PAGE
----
We’re staying overnight at bare bones motel in Butler, Mo; then driving to Bentonville on Saturday, where we’ll visit the new Crystal Springs, a new American art museum created by a Wal-Mart heiress that’s designed by Moshe Safdie. (The museum showcases a reportedly impressive art collection and also has a sculpture garden and nature trails that wind through 120 acres of forests, gardens and ponds.) We’ll eat at AQ (“Arkansas Quality”) Chicken in nearby Springdale/
On Sunday we’ll explore Eureka Springs and splurge on non-motel accommodations, staying at Rock Cottage Gardens, a spruced up former motor court. Dinner options include Gaskins Cabin (for steak) or Ermillios or DeVito’s (Italian.) Several restaurants aren’t open on Sunday including Bubba’s which looks like it has good bbq. Not sure if Mud Street Cafe is open.
We may also stop in Joplin, Mo. en route to see how the city is recovering from the horrendous tornado that leveled a large part of the city a year ago. (We’ve been driving for several years through Greensburg, Ks. and watching it rebuild after a tornado several years ago.)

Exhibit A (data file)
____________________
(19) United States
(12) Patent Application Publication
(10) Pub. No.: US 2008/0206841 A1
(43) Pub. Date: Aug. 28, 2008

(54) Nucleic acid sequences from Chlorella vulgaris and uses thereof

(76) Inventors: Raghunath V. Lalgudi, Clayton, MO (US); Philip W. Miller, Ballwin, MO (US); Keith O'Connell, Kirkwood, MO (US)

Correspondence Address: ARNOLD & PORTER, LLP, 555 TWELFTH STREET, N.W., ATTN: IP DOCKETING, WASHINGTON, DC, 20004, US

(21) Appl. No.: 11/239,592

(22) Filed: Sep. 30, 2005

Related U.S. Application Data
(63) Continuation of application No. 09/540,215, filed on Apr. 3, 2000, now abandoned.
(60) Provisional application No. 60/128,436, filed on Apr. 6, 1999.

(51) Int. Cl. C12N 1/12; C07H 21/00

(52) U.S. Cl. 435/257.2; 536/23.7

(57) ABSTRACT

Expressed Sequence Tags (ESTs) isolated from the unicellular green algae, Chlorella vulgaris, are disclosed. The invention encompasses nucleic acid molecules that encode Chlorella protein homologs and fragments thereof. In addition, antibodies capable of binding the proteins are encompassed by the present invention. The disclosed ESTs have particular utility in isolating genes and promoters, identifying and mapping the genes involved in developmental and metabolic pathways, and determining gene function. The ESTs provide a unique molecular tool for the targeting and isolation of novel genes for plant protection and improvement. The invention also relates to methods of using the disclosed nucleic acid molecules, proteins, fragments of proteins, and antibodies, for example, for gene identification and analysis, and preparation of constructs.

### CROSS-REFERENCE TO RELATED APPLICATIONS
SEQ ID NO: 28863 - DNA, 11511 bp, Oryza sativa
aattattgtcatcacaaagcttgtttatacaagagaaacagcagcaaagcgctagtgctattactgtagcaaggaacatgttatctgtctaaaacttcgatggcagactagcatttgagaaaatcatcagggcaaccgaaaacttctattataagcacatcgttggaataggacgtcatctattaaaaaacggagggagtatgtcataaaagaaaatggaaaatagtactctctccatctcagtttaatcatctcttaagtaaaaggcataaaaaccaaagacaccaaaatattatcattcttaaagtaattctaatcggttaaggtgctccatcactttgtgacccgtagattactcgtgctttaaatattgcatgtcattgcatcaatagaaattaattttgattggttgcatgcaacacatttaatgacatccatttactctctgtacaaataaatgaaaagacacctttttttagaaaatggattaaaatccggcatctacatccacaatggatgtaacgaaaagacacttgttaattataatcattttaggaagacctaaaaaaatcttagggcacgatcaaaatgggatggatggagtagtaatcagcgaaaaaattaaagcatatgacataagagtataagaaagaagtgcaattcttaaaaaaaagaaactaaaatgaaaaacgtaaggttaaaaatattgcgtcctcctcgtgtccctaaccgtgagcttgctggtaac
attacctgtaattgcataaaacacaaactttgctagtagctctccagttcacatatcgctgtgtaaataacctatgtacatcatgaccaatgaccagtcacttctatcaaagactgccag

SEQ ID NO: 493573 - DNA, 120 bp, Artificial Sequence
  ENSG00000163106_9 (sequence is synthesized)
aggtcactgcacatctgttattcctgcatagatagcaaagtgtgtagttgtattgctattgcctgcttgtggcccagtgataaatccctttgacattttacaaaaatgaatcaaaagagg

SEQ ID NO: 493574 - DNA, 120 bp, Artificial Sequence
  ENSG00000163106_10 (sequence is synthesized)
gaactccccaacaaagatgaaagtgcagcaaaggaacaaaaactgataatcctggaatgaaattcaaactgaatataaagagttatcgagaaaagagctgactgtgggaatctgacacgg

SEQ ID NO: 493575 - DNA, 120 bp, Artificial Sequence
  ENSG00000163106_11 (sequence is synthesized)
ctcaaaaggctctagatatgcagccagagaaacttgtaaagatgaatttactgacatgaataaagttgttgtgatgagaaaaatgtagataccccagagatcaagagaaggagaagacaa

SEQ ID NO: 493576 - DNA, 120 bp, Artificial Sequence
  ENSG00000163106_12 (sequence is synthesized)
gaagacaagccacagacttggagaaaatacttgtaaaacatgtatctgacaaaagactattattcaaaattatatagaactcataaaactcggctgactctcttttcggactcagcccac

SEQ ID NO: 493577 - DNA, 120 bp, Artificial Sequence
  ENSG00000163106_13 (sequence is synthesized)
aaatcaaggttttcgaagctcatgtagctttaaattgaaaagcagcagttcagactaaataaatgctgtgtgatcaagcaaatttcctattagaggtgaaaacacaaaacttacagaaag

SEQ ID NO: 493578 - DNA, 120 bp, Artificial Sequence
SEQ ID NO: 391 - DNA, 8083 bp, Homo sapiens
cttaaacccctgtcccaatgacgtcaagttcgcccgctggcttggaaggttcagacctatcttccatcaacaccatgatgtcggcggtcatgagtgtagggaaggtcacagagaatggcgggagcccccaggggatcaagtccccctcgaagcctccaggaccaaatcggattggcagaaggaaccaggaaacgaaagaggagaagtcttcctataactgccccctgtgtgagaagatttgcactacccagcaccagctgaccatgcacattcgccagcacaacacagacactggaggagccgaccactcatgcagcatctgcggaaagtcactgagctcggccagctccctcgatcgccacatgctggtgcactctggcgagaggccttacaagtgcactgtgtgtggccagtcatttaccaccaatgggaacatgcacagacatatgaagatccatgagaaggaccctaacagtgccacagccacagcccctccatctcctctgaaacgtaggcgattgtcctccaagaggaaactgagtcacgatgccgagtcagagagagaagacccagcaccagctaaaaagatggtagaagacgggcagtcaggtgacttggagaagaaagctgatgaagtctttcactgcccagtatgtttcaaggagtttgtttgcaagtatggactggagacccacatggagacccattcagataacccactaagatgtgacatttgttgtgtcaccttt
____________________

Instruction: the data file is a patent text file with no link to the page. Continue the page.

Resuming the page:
So this isn’t technically open for tourists in Bentonville, but the house owned by the director of Crystal Bridges – the new museum of American art founded by a Walton heiress – sounds definitely worth a drive-by, if I can find it when we visit Bentonville in late May. There’s a story about the house in the April 1st NYTimes’ Sunday T Magazine and it looks fantastic – a glass and limestone-brick home designed in 1954 by Cecil Stanfield, the same “Modernist” architect, the Times reports, who gave a “Jetsons”-esque touch to Oral Roberts University in Tulsa (which I’ve visited twice – when Oral was holed up in his “prayer tower” during the late 1980s. Wonder if the architect designed the tower – or the strange sculpture of giant clasped hands nearby on the campus).